Off-campus UMass Amherst users: To download dissertations, please use the following link to log into our proxy server with your UMass Amherst user name and password.
Non-UMass Amherst users, please click the view more button below to purchase a copy of this dissertation from Proquest.
(Some titles may also be available free of charge in our Open Access Dissertation Collection, so please check there first.)
Indexing proximity-based dependencies for information retrieval
Research into term dependencies for information retrieval has demonstrated that dependency retrieval models are able to consistently improve retrieval effectiveness over bag-of-words models. However, the computation of term dependency statistics is a major efficiency bottleneck in the execution of these retrieval models. This thesis investigates the problem of improving the efficiency of dependency retrieval models without compromising the effectiveness benefits of the term dependency features. Despite the large number of published comparisons between dependency models and bag-of-words approaches, there has been a lack of direct comparisons between alternate dependency models. We provide this comparison and investigate different types of proximity features. Several bi-term and many-term dependency models over a range of TREC collections, for both short (title) and long (description) queries, are compared to determine the strongest benchmark models. We observe that the weighted sequential dependence model is the most effective model studied. Additionally, we observe that there is some potential in many-term dependencies, but more selective methods are required to exploit these features. We then investigate two novel index structures to directly index the proximity-based dependencies used in the sequential dependence model and weighted sequential dependence model. The frequent index and the sketch index data structures can both provide efficient access to collection and document level statistics for all indexed term dependencies, while minimizing space costs, relative to a full inverted index of term dependencies. We test whether these structures can improve retrieval efficiency without incurring large space requirements, or degrading retrieval effectiveness significantly. A secondary requirement is that each data structure must be able to be constructed for an input text collection in a scalable and distributed manner. Based on the observation that the vast majority of term dependencies extracted from queries are relatively frequent in the collection, the "frequent" index of term dependencies omits data for infrequent term dependencies. The sketch index of term dependencies uses techniques from sketch data structures to store probabilistically-bounded estimates of the required statistics. We present analyses of these data structures that include construction and space costs, retrieval efficiency and investigation of any degradation of retrieval effectiveness. Finally, we investigate the application of these data structures to the execution of the strongest performing dependency models identified. We compare the retrieval efficiency of each of these structures across two query processing algorithms, and across both short and long queries, using two large web collections. We observe that these newly proposed data structures allow the execution of queries considerably faster than when using positional indexes, and as fast as a full index of term dependencies, but with lowered storage overhead.^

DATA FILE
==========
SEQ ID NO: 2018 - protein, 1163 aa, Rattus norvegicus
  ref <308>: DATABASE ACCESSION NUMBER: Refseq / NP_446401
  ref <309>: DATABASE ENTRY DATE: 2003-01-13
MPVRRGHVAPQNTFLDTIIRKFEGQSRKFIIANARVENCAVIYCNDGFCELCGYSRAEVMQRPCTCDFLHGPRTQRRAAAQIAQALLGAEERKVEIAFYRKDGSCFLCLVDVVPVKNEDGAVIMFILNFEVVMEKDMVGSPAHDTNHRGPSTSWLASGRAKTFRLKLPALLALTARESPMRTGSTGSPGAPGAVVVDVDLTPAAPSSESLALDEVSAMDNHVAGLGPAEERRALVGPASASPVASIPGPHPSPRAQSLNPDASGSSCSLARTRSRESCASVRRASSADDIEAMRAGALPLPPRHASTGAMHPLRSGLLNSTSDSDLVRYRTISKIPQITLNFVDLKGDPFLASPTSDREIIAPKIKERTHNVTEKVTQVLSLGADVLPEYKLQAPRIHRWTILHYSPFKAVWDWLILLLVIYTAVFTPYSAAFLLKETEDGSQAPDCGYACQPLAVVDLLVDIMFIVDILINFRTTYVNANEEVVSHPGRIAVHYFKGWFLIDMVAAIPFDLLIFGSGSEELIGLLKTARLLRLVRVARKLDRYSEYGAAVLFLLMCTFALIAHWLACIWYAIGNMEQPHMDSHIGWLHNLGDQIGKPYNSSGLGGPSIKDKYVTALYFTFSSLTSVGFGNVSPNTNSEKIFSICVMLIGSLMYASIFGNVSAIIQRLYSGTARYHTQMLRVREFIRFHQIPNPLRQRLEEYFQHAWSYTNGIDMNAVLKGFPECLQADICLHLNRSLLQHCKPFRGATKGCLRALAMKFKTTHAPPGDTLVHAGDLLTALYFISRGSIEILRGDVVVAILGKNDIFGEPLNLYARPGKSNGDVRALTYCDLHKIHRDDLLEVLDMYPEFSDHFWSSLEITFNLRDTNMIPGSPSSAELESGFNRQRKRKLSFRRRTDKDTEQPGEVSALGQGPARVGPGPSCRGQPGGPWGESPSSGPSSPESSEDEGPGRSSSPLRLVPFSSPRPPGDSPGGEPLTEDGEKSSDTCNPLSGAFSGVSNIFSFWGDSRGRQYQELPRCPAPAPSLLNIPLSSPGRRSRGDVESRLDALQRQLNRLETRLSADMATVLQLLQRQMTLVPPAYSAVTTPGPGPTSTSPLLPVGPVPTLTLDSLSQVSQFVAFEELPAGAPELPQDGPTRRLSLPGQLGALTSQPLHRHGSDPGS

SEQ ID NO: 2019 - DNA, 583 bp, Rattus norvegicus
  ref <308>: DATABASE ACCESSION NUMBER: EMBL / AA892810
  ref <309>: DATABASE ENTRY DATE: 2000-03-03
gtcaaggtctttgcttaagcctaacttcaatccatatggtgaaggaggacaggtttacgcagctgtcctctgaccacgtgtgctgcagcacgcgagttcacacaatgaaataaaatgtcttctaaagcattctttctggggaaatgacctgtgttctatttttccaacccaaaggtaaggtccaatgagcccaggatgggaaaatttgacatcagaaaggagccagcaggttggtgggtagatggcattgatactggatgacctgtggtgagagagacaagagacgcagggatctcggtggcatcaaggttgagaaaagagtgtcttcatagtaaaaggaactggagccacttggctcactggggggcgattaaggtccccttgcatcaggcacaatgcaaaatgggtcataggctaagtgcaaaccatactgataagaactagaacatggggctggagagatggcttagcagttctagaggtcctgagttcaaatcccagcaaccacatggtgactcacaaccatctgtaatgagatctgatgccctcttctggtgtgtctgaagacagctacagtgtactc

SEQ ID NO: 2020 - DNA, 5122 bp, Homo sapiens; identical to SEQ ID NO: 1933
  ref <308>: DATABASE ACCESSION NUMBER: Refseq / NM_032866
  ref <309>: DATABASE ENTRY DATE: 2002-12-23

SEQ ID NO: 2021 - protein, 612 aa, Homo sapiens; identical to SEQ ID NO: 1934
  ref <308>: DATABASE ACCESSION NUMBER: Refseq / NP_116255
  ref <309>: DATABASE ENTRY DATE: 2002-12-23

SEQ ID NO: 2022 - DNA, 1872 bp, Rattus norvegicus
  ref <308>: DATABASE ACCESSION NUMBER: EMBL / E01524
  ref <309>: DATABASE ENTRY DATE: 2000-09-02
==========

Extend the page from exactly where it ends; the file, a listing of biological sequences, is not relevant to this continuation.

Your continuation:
Huston, Samuel, "Indexing proximity-based dependencies for information retrieval" (2014). Doctoral Dissertations Available from Proquest. AAI3615419.